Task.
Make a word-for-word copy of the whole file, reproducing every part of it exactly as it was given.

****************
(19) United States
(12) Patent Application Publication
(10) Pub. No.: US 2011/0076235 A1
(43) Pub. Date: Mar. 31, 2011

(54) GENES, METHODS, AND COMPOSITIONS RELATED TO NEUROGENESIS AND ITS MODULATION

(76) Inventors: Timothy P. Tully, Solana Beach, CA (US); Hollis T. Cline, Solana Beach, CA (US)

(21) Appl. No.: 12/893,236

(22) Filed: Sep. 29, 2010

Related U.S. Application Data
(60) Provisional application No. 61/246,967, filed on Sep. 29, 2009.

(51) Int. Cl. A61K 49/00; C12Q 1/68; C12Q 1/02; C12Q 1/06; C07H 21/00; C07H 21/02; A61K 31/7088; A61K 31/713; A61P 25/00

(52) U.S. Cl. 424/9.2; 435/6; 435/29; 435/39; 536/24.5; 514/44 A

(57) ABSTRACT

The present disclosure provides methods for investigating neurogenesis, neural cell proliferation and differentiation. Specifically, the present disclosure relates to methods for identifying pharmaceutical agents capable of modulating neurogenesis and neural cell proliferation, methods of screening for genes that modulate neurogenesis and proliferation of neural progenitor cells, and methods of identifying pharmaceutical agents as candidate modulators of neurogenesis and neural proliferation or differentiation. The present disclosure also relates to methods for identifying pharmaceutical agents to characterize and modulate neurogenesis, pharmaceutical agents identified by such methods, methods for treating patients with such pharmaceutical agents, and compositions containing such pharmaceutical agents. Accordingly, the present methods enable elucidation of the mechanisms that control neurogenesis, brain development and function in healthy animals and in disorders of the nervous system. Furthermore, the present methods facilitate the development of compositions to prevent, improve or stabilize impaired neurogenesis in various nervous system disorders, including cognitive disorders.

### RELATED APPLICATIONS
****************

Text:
(19) United States
(12) Patent Application Publication
(10) Pub. No.: US 2011/0076235 A1
(43) Pub. Date: Mar. 31, 2011

(54) GENES, METHODS, AND COMPOSITIONS RELATED TO NEUROGENESIS AND ITS MODULATION

(76) Inventors: Timothy P. Tully, Solana Beach, CA (US); Hollis T. Cline, Solana Beach, CA (US)

(21) Appl. No.: 12/893,236

(22) Filed: Sep. 29, 2010

Related U.S. Application Data
(60) Provisional application No. 61/246,967, filed on Sep. 29, 2009.

(51) Int. Cl. A61K 49/00; C12Q 1/68; C12Q 1/02; C12Q 1/06; C07H 21/00; C07H 21/02; A61K 31/7088; A61K 31/713; A61P 25/00

(52) U.S. Cl. 424/9.2; 435/6; 435/29; 435/39; 536/24.5; 514/44 A

(57) ABSTRACT

The present disclosure provides methods for investigating neurogenesis, neural cell proliferation and differentiation. Specifically, the present disclosure relates to methods for identifying pharmaceutical agents capable of modulating neurogenesis and neural cell proliferation, methods of screening for genes that modulate neurogenesis and proliferation of neural progenitor cells, and methods of identifying pharmaceutical agents as candidate modulators of neurogenesis and neural proliferation or differentiation. The present disclosure also relates to methods for identifying pharmaceutical agents to characterize and modulate neurogenesis, pharmaceutical agents identified by such methods, methods for treating patients with such pharmaceutical agents, and compositions containing such pharmaceutical agents. Accordingly, the present methods enable elucidation of the mechanisms that control neurogenesis, brain development and function in healthy animals and in disorders of the nervous system. Furthermore, the present methods facilitate the development of compositions to prevent, improve or stabilize impaired neurogenesis in various nervous system disorders, including cognitive disorders.

### RELATED APPLICATIONS